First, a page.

The exhibition The Collectors’ Cosmos: The Meakins-McClaran Print Collection will present 233 works from the print collection of Dr. Jonathan Meakins and Dr. Jacqueline McClaran. It will reveal both the strength and breadth of the current collection and the collectors’ love of etching and printmaking. The selection of prints ranges from 15th century German through 17th century Dutch to 20th century European and North American, and will include works by Pieter Bruegel the Elder, Alex Colville, Albrecht Dürer, Hendrik Goltzius, Jusepe Ribera, Jacob van Ruisdael, Jean-François Millet and John James Audubon. Organized by the National Gallery of Canada, the exhibition is curated by Dr. Erika Dolphin, Interim Senior Curator of Prints and Drawings at the NGC.
The photographic work Barcelone, 2003–2020, by Quebec artist Geneviève Cadieux, will adorn the south exterior façade of the National Gallery’s building starting this summer. This work will be shown for the first time as a monumental installation. This is the National Gallery of Canada’s first major collaboration with Geneviève Cadieux in over 15 years. Barcelone will remain in full view of passers-by until the fall of 2021.
The National Gallery of Canada thanks its sponsors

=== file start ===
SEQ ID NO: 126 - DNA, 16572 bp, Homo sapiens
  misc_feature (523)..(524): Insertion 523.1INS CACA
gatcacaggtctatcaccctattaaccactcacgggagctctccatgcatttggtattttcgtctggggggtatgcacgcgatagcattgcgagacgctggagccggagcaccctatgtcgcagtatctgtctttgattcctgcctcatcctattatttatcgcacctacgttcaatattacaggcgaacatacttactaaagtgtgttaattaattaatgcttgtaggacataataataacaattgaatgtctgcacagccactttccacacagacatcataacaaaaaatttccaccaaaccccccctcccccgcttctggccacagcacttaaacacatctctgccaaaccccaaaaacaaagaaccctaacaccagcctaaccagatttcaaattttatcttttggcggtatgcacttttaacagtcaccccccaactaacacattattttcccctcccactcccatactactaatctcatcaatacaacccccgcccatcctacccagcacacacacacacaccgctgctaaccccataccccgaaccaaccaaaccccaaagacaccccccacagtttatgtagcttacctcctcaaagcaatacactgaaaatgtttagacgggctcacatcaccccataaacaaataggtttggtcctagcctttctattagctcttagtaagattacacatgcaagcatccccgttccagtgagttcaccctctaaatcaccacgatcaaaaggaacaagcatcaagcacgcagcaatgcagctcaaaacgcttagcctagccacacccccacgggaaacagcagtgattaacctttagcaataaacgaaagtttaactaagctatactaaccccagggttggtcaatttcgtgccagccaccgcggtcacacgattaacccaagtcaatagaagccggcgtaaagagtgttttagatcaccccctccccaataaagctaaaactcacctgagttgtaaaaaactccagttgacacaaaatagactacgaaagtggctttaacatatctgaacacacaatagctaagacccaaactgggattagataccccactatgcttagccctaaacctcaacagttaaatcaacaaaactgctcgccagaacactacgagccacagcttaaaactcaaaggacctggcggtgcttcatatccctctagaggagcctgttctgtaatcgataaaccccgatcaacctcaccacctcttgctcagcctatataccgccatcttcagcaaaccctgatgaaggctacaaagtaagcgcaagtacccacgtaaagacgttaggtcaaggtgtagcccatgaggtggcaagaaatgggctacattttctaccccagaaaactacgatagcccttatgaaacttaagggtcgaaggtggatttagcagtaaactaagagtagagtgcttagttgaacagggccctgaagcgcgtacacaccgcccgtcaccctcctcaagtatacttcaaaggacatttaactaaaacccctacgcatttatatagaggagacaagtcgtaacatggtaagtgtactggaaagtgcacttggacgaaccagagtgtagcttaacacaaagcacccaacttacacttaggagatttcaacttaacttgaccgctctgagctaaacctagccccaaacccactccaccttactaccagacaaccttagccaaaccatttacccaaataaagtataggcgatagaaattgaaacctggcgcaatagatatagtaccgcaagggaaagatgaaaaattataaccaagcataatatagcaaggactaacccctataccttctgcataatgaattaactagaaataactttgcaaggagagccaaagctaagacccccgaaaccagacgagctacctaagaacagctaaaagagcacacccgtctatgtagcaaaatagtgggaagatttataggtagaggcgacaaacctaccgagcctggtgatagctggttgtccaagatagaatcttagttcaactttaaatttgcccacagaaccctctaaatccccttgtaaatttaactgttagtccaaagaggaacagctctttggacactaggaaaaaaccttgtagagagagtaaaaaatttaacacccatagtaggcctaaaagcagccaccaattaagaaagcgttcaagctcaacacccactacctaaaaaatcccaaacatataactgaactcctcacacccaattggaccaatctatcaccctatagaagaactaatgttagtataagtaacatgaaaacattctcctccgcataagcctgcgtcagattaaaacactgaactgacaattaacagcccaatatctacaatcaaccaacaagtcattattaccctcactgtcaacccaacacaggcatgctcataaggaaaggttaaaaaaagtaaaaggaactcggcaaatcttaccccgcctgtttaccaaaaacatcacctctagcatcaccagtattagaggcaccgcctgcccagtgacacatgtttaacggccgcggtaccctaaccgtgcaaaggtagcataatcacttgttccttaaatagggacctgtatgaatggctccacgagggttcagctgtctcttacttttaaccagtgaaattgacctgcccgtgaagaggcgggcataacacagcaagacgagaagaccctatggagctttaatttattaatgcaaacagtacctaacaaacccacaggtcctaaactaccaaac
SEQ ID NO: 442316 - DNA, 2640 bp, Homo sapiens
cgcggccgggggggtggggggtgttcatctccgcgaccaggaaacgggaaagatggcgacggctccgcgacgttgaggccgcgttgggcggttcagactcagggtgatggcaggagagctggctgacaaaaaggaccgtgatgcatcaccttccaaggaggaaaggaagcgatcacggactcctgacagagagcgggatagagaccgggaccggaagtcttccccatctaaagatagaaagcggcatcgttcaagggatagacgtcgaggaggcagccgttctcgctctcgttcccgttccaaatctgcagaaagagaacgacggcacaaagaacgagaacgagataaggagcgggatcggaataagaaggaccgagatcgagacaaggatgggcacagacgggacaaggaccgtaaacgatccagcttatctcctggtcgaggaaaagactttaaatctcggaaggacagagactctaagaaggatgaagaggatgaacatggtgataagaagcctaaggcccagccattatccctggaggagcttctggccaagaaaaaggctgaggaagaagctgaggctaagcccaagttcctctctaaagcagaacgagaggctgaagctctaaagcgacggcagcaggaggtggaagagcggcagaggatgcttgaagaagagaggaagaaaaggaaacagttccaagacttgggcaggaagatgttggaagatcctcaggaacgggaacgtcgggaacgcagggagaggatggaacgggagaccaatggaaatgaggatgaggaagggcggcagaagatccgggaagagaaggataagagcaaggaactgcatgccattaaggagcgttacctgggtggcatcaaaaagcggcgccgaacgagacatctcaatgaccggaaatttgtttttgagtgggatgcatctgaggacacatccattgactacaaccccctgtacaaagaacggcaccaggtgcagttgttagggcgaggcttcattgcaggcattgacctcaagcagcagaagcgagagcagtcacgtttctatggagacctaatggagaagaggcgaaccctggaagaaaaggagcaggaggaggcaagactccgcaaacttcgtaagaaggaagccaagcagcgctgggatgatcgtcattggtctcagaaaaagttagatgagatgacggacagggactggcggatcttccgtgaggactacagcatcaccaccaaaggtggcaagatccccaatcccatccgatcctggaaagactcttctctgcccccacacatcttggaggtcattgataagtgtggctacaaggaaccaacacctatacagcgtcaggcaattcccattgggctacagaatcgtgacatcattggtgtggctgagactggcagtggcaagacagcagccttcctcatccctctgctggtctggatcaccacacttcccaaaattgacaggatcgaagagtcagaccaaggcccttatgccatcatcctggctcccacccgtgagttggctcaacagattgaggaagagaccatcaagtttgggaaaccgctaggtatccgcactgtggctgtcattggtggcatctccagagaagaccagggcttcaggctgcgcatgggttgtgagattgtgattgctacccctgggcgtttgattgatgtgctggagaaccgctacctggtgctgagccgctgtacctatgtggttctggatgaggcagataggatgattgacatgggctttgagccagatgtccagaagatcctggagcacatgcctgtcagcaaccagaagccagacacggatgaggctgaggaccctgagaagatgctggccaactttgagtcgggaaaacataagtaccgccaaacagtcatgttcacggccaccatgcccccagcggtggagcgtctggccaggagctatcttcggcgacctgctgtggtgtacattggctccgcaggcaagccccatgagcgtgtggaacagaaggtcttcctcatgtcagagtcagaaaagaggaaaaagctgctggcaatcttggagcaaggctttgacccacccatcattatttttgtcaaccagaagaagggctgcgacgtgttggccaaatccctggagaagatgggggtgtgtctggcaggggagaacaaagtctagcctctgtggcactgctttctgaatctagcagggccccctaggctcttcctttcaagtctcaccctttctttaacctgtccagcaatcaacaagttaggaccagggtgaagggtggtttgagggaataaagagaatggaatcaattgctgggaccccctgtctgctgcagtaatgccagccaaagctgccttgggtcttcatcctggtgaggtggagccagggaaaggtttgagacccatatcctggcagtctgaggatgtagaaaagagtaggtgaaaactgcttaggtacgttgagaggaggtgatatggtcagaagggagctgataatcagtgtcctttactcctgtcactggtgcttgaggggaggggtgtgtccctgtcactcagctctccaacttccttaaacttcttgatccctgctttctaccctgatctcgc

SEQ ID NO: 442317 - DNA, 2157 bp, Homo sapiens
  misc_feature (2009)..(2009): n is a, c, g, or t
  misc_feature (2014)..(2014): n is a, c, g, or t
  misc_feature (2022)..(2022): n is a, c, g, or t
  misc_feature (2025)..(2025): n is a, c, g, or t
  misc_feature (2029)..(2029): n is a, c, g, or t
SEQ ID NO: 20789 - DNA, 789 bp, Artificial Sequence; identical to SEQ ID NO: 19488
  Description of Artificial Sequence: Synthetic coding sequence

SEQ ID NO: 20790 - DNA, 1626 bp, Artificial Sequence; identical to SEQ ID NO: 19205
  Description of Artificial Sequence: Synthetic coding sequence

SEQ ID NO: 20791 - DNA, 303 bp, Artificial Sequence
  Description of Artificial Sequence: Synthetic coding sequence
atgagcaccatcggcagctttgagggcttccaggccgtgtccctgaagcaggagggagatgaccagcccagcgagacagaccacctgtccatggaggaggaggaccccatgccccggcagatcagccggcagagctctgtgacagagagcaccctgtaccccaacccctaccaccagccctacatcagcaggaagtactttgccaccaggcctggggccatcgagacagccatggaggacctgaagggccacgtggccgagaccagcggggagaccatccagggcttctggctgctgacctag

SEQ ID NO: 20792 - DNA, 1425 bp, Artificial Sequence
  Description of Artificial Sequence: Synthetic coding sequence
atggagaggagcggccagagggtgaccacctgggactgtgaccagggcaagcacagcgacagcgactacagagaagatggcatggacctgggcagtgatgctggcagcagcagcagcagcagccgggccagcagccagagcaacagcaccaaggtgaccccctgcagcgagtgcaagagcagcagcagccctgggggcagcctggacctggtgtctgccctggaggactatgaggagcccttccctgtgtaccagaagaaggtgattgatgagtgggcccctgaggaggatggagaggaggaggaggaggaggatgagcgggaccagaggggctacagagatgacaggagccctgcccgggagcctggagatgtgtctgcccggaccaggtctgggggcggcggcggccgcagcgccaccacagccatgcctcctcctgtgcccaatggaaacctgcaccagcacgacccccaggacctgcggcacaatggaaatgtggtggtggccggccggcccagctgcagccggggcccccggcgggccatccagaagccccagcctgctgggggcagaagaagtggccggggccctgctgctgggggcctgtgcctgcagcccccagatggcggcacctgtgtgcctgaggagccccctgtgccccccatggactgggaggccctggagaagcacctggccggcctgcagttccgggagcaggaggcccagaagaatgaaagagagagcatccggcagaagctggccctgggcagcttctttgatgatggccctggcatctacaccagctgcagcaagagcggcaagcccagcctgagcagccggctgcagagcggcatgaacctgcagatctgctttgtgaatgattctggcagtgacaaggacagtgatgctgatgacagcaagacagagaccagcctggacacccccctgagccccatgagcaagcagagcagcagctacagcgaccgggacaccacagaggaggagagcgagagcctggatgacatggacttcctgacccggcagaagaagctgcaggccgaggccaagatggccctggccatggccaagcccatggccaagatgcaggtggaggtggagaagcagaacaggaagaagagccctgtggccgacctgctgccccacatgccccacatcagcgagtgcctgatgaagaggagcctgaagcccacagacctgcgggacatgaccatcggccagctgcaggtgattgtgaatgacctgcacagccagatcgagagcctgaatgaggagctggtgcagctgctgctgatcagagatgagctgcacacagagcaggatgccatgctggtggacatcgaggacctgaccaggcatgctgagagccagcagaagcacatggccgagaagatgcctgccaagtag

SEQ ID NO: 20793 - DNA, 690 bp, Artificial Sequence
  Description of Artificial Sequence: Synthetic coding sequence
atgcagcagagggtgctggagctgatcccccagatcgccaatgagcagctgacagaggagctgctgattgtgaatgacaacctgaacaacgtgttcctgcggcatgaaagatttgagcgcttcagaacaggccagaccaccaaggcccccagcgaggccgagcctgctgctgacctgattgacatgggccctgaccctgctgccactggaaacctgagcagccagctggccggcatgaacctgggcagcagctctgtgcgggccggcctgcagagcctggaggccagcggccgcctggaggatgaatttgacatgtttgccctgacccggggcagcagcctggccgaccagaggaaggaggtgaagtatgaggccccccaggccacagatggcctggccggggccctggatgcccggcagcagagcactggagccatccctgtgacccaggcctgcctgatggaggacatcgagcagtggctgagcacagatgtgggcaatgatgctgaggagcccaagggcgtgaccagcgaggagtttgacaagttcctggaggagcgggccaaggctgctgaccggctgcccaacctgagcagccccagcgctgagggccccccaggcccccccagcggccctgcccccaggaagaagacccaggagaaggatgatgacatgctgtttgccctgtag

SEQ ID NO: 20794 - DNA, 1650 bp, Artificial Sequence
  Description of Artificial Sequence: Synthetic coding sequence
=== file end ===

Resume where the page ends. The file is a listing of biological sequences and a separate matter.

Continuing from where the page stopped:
The National Gallery of Canada would like to thank Bader Philanthropies Inc. for their generous support of the groundbreaking exhibition Rembrandt in Amsterdam, as well as PACART and Touchstone Exploration, Inc. for their sponsorship. The exhibition is honoured by the royal co-patronage of His Majesty the King of the Netherlands and the Office of the Governor General of Canada. Proud partners include the Embassy of the Kingdom of the Netherlands in Canada and the Canadian Tulip Festival.
The installation Geneviève Cadieux: Barcelone will be presented with the support of the Scotiabank Photography Program at the National Gallery of Canada.
Around the exhibitions and installations
The 2021 spring-summer exhibitions and installations program will be accompanied by an engaging public program of virtual talks, tours, and activities for families. In July and August, the Gallery will offer Family Art Adventures daily, from 10:30 a.m. to 3:00 p.m., for children aged 3 and up accompanied by an adult, to explore the galleries with a guide, or on your own with a self-guided activity kit. Pick up your kit and book a drop-in tour in the Fred & Elizabeth Fountain Court, located in the heart of the Indigenous and Canadian art galleries. The Gallery’s top priority is the health and safety of its visitors, and will continue to monitor the situation with COVID-19 and ensure that in-person programs are delivered safely, in accordance with the directives of local health authorities.
Tickets will be on sale at the Scotiabank Great Hall box office when conditions allow the National Gallery to reopen its doors to the public.
For more information on the Gallery’s programming and activities, visit gallery.ca and follow us on Twitter, Facebook, YouTube, and Instagram.